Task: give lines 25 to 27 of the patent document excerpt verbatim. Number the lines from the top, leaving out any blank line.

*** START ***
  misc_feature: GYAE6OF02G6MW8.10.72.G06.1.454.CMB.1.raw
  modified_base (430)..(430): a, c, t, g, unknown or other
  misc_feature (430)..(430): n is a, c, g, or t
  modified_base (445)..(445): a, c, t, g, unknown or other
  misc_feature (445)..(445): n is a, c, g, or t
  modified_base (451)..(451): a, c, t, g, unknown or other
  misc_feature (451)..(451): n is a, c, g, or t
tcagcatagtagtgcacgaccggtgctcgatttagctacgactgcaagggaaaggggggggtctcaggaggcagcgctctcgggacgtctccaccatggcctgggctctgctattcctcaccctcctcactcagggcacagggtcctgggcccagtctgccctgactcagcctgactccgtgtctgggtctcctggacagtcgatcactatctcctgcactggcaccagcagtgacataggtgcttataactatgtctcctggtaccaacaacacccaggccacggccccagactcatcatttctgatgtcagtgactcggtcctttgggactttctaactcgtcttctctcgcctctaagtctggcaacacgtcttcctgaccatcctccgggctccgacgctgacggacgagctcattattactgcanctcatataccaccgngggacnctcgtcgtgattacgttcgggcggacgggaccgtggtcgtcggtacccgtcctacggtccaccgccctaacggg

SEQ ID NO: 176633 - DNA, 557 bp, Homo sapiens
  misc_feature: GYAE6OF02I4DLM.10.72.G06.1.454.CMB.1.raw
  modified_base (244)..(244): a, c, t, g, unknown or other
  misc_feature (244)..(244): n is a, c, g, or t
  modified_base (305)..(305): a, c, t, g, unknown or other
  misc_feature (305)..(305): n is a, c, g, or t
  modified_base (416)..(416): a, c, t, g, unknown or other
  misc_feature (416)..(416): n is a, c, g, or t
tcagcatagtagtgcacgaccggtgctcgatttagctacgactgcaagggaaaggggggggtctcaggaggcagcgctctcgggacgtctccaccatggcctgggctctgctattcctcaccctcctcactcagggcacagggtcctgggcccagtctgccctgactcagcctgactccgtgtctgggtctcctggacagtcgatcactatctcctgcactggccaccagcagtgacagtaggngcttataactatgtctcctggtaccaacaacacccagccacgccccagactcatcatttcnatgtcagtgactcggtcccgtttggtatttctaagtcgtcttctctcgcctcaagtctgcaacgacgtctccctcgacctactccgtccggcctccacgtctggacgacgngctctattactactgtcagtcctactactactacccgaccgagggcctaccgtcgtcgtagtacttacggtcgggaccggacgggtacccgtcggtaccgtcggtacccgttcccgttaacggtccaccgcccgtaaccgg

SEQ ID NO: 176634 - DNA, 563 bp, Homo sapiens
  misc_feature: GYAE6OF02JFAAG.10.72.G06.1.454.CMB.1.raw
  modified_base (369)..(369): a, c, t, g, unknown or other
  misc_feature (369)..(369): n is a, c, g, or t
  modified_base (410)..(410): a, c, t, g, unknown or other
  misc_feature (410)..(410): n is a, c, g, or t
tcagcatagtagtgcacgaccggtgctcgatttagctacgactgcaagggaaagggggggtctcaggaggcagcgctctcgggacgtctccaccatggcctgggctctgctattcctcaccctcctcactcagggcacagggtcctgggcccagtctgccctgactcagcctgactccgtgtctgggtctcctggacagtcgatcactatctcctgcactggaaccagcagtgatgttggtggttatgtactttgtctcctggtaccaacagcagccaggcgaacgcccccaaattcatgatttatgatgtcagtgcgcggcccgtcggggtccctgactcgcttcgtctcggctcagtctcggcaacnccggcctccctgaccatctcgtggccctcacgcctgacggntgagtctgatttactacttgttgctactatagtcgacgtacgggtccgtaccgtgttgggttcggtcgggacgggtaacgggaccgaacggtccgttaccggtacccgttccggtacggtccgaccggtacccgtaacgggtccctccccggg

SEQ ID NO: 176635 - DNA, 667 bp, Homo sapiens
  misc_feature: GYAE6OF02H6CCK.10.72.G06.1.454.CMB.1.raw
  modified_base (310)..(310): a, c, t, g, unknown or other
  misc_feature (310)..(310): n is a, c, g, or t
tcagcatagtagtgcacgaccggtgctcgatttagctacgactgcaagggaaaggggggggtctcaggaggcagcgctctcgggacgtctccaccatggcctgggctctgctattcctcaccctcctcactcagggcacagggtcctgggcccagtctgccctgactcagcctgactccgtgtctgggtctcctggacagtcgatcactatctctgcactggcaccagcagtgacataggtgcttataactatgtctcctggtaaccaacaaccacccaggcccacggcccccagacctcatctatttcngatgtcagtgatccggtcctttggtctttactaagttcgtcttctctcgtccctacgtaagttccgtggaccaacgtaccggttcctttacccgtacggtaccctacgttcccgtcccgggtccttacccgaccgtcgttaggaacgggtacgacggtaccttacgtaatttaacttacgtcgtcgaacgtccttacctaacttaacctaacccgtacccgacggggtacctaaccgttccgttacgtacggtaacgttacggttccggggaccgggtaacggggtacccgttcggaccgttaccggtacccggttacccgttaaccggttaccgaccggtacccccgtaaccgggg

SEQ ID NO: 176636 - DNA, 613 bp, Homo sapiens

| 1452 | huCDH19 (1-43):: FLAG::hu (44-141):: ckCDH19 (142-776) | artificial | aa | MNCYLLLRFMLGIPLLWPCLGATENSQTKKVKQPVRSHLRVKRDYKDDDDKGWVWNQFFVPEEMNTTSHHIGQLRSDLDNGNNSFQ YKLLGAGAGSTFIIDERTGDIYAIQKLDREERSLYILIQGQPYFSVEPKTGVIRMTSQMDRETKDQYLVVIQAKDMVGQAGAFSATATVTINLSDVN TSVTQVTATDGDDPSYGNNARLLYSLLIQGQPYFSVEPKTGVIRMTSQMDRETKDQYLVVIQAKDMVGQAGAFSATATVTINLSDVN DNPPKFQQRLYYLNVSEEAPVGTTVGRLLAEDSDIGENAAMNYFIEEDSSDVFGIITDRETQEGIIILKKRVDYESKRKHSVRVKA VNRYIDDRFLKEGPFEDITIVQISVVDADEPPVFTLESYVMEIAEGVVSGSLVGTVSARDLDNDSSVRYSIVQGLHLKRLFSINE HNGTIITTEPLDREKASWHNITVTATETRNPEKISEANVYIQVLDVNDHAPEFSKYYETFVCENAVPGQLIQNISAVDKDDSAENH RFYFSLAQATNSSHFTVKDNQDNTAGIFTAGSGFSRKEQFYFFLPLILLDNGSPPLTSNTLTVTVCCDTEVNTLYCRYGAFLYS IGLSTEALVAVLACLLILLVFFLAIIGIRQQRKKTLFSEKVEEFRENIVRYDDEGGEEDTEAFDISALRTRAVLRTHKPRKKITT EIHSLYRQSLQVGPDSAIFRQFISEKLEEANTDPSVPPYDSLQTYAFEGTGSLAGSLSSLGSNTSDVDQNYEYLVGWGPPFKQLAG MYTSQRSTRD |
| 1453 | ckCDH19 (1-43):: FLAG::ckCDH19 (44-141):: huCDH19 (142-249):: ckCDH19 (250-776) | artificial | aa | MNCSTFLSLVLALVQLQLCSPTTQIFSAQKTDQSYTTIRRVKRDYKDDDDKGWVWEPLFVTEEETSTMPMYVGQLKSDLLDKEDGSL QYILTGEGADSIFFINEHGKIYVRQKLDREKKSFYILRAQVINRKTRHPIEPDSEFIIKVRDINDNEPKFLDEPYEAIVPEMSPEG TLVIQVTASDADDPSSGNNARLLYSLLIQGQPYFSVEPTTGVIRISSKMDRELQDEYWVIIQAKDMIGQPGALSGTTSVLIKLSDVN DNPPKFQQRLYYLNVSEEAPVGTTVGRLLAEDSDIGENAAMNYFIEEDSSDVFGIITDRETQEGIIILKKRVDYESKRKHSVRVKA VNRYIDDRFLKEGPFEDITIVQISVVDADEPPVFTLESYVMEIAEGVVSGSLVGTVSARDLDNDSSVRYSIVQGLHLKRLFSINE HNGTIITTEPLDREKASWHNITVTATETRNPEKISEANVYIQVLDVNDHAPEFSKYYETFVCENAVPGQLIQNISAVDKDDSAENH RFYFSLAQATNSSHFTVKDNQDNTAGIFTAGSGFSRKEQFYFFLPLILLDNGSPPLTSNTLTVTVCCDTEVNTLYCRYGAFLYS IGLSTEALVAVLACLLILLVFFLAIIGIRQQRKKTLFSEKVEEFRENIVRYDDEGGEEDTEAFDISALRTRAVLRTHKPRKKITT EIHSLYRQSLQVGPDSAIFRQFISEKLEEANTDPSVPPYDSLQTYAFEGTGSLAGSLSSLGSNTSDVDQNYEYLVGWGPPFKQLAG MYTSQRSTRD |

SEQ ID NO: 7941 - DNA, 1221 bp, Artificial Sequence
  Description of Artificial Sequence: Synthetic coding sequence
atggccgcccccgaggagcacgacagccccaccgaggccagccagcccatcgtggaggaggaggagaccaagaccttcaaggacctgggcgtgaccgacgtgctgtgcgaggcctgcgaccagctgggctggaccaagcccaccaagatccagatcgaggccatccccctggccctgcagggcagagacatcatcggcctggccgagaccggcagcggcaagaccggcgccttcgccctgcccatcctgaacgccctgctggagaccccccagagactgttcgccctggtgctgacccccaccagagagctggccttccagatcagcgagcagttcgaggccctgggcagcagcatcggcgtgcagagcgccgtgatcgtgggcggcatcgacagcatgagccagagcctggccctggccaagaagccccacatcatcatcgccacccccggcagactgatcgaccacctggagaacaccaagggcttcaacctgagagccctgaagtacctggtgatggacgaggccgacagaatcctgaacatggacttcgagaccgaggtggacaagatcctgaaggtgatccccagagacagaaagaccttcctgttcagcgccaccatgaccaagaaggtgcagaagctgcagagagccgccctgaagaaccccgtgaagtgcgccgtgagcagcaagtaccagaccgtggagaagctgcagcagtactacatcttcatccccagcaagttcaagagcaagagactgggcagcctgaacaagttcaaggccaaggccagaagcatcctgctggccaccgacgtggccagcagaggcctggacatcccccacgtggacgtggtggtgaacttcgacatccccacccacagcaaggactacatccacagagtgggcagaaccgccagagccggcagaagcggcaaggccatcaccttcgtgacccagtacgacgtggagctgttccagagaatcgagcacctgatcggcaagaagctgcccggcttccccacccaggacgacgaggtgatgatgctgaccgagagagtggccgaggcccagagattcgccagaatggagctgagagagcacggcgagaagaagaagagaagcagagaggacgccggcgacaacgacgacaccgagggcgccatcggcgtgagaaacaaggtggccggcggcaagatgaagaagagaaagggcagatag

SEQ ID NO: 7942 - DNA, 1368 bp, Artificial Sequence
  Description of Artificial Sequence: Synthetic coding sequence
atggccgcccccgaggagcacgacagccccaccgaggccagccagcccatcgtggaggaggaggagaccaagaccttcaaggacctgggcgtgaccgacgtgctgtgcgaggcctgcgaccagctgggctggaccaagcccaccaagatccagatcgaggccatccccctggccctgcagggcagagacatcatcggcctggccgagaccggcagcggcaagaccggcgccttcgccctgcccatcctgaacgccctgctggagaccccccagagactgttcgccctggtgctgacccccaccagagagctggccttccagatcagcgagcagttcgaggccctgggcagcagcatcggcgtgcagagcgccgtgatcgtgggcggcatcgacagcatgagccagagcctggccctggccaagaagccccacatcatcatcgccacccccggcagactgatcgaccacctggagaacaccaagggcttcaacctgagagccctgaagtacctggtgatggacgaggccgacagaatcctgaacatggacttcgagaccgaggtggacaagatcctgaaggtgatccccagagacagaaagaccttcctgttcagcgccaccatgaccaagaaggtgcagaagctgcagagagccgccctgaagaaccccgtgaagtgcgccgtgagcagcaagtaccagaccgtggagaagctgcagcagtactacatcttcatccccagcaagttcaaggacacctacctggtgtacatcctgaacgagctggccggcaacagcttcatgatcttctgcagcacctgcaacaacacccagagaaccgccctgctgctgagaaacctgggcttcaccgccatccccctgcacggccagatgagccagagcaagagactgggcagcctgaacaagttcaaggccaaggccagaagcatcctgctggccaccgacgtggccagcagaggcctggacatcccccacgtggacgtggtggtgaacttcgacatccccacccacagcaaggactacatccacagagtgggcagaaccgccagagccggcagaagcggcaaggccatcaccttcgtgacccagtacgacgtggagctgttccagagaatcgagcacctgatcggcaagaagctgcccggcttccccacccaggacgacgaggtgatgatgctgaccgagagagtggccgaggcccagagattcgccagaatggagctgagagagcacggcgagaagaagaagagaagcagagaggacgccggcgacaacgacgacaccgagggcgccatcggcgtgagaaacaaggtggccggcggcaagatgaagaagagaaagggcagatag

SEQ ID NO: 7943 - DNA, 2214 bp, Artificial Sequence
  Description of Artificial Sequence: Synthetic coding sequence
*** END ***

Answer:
SEQ ID NO: 176635 - DNA, 667 bp, Homo sapiens
  misc_feature: GYAE6OF02H6CCK.10.72.G06.1.454.CMB.1.raw
  modified_base (310)..(310): a, c, t, g, unknown or other